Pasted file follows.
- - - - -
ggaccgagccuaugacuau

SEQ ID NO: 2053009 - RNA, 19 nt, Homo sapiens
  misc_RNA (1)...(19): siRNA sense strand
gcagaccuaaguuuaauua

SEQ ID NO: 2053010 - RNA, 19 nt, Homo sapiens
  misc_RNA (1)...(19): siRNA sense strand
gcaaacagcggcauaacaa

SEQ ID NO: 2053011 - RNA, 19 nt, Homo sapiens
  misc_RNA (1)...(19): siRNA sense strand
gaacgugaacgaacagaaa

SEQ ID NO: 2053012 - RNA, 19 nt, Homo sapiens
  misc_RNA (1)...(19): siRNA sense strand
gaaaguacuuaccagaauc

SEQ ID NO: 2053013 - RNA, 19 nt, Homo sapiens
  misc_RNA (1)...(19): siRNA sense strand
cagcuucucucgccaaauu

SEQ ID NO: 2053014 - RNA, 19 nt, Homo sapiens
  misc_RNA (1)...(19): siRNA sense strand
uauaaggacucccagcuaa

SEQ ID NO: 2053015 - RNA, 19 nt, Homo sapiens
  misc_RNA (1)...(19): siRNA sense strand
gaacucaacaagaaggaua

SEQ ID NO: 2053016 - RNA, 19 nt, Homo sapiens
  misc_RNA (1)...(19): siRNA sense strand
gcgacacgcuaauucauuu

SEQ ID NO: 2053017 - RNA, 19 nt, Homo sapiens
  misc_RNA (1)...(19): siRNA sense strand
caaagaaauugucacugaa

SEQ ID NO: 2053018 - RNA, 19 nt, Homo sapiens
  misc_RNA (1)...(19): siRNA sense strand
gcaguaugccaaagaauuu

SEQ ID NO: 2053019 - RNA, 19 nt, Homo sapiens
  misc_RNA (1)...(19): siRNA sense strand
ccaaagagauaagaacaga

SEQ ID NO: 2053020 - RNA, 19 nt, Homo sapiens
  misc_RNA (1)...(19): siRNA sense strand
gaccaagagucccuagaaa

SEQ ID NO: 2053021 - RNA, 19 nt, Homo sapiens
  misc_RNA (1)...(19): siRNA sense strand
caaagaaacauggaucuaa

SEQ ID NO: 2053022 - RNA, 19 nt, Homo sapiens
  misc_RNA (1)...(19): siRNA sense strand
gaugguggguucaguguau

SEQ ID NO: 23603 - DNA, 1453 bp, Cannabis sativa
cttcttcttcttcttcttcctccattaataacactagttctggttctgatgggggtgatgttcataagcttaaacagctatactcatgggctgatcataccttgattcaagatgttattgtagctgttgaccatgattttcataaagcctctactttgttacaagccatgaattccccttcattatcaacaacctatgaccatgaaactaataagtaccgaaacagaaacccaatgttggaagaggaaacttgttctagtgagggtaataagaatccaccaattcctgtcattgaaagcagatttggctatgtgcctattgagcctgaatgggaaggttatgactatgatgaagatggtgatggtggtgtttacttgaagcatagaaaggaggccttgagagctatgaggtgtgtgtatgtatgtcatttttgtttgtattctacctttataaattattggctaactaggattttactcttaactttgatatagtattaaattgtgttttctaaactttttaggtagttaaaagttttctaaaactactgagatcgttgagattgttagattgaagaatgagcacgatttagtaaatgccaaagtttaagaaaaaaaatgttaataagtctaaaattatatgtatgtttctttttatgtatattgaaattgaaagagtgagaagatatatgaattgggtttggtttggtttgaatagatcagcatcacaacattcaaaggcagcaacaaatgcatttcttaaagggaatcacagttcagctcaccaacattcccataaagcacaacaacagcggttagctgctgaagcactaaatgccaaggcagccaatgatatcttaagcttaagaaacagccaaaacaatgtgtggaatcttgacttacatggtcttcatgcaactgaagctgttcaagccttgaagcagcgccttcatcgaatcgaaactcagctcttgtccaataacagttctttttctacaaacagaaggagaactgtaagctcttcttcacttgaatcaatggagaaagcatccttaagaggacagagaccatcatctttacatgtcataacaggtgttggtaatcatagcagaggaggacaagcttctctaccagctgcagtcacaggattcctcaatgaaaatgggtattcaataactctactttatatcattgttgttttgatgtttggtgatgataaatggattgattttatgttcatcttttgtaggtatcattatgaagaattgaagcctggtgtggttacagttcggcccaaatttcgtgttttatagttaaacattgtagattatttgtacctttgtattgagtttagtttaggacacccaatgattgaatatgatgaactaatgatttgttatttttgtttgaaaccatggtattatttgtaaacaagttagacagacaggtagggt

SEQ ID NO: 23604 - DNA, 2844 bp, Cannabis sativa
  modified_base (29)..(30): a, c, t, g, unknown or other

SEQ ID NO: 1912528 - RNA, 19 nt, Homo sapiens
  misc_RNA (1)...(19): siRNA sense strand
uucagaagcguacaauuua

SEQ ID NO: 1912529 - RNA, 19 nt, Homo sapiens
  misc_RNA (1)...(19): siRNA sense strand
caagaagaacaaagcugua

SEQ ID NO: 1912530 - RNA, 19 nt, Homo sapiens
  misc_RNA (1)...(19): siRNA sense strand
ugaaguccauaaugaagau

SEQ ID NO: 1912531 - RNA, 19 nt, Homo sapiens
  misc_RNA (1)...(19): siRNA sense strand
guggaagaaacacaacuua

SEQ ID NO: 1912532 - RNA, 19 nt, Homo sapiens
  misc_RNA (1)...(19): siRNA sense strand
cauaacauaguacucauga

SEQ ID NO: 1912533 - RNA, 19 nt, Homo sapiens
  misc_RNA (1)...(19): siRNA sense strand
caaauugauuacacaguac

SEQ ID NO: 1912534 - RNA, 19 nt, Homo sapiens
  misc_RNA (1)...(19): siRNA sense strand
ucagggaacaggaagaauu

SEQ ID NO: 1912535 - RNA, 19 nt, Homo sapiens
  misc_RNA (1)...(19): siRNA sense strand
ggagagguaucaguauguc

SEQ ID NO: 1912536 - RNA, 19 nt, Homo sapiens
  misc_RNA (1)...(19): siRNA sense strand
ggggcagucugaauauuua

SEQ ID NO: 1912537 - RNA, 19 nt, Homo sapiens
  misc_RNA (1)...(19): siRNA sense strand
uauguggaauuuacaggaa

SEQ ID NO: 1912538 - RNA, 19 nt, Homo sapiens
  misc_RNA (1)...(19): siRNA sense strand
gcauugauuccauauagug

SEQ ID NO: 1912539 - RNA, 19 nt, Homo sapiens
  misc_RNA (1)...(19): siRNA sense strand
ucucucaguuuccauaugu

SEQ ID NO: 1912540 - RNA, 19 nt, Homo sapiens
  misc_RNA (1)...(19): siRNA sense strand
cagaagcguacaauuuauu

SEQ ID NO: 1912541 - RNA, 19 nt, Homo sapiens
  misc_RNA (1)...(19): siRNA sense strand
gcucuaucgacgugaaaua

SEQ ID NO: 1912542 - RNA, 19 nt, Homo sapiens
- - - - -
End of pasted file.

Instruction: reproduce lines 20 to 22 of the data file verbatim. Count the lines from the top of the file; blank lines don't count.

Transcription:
SEQ ID NO: 2053015 - RNA, 19 nt, Homo sapiens
  misc_RNA (1)...(19): siRNA sense strand
gaacucaacaagaaggaua